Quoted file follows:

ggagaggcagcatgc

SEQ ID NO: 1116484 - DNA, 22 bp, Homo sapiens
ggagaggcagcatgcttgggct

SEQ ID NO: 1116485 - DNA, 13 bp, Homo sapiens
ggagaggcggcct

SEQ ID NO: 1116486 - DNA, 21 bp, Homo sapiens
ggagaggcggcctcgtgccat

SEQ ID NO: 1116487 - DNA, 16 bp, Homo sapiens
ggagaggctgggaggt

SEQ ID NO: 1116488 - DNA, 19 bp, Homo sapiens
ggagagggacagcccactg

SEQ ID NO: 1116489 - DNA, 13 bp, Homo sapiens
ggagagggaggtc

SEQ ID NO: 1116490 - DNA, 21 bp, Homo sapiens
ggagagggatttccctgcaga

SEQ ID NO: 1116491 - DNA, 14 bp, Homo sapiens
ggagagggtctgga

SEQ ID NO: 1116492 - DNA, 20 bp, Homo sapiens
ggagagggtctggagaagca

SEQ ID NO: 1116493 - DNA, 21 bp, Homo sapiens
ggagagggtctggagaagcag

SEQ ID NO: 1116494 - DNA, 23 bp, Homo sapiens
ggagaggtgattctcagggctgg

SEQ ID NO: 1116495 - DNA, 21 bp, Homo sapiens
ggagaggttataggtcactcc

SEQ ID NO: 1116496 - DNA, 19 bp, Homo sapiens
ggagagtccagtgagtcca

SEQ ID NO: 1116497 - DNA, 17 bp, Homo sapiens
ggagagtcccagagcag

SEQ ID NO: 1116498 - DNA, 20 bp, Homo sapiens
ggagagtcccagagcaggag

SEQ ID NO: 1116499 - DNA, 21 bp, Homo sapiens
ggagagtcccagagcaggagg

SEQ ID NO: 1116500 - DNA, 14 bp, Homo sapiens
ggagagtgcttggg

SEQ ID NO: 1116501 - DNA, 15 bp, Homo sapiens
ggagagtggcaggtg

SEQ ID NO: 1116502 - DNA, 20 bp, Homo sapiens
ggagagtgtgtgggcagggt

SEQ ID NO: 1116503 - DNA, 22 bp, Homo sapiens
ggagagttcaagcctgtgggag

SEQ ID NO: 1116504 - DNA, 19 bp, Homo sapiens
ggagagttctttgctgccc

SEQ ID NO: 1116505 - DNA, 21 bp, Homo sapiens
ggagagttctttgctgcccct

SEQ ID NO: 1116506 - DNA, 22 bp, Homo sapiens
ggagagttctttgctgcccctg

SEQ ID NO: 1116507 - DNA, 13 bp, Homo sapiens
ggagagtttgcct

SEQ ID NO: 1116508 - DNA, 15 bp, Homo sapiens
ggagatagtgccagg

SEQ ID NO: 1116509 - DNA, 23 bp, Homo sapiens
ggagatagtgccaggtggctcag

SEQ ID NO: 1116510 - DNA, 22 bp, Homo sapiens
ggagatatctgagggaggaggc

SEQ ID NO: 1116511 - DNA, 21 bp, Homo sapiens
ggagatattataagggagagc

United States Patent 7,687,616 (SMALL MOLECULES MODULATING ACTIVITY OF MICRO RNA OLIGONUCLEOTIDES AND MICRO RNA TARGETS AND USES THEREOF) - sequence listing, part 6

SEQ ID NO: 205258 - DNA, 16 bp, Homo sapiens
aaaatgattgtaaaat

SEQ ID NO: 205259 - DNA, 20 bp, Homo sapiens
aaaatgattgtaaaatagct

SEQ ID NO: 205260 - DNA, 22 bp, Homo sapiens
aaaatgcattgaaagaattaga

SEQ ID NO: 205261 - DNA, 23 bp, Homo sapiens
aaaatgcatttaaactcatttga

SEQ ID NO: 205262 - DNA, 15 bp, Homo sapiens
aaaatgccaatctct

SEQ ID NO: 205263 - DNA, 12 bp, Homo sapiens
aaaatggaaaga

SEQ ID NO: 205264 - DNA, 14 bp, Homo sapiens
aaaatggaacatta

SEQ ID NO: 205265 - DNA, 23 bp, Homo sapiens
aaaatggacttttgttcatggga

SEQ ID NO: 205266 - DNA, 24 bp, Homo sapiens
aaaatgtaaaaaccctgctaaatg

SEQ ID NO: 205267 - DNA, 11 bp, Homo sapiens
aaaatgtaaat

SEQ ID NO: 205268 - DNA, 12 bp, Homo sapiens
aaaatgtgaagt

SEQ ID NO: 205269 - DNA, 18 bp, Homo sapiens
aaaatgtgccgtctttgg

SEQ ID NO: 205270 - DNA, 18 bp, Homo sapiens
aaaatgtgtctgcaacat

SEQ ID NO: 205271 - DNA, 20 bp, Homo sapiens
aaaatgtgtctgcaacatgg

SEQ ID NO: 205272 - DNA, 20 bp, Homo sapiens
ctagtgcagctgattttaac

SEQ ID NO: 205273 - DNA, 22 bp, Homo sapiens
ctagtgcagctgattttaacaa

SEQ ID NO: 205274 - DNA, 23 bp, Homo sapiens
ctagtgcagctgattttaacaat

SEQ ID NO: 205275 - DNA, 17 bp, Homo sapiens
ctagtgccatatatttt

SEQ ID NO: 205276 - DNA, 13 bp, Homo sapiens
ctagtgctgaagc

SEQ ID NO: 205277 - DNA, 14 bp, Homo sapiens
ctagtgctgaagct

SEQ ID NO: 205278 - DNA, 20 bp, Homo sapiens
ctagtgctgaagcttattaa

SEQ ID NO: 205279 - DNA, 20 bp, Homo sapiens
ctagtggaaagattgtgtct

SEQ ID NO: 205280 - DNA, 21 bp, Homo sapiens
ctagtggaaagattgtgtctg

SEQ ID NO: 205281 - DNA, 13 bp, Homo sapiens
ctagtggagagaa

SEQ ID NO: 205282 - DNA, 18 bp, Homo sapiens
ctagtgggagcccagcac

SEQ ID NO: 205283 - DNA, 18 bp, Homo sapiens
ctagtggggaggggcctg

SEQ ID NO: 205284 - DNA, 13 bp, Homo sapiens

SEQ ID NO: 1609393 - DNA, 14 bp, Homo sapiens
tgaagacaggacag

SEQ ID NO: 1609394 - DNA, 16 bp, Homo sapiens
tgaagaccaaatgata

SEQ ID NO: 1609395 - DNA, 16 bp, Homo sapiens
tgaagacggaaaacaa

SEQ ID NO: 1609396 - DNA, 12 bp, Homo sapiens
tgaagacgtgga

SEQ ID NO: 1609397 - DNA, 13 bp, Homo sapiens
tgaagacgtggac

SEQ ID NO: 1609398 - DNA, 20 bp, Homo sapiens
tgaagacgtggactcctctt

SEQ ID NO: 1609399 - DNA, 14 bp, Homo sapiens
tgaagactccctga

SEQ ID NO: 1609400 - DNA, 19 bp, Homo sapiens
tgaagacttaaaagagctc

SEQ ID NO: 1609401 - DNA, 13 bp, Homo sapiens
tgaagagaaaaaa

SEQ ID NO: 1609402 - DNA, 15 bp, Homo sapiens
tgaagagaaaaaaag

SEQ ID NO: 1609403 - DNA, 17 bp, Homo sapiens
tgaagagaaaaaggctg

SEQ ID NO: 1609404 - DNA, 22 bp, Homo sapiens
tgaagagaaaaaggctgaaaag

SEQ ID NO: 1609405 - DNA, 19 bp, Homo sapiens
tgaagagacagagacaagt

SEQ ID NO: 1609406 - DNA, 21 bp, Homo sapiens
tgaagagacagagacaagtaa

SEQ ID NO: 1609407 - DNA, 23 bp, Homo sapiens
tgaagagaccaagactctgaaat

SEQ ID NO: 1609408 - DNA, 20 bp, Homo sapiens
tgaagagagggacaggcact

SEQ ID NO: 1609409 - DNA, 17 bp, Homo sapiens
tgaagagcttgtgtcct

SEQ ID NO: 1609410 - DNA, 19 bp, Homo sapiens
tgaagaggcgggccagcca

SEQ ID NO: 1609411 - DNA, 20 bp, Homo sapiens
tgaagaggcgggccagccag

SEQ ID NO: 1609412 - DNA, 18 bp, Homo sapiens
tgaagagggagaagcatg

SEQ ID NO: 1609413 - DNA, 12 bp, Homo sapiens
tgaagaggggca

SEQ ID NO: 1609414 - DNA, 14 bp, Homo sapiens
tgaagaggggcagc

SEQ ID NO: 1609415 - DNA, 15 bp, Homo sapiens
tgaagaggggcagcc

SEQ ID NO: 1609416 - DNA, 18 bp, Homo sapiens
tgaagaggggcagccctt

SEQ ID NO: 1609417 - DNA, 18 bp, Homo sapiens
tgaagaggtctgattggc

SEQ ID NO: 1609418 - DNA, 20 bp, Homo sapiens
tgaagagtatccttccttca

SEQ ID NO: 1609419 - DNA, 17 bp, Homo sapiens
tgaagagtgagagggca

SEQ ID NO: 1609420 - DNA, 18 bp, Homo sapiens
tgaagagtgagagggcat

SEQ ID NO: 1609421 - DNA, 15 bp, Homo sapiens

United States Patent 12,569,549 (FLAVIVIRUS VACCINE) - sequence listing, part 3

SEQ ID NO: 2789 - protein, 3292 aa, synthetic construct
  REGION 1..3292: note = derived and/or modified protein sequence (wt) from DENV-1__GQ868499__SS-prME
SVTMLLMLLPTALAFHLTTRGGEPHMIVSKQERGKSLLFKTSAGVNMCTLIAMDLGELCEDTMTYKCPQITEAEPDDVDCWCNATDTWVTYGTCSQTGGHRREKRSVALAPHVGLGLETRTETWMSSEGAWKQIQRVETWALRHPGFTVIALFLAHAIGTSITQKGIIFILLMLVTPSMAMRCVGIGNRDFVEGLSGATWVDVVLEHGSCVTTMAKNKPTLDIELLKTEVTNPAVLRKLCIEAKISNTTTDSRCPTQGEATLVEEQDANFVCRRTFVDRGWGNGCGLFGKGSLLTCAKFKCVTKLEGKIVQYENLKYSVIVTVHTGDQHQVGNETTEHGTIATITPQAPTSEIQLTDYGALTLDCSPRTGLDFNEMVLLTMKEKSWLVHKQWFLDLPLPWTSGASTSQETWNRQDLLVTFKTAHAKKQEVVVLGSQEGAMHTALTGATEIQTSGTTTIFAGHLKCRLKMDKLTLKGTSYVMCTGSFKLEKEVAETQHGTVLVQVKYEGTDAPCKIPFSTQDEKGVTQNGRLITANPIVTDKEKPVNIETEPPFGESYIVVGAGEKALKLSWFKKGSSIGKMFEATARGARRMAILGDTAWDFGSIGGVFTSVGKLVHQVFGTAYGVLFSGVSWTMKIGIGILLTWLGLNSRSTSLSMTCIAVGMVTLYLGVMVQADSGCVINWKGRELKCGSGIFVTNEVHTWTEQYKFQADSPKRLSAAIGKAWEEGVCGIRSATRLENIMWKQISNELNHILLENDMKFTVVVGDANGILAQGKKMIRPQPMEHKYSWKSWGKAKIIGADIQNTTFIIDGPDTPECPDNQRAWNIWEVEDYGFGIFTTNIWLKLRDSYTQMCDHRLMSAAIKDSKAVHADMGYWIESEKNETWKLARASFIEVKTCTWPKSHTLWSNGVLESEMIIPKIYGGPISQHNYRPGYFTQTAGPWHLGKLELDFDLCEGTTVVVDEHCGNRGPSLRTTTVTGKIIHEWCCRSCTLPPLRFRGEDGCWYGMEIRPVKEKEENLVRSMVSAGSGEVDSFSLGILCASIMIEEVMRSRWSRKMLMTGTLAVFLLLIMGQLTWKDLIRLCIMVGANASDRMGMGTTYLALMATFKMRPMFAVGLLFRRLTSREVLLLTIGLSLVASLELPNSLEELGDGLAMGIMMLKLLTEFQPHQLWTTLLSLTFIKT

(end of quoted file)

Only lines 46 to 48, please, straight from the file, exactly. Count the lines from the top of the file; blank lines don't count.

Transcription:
SEQ ID NO: 1116506 - DNA, 22 bp, Homo sapiens
ggagagttctttgctgcccctg

SEQ ID NO: 1116507 - DNA, 13 bp, Homo sapiens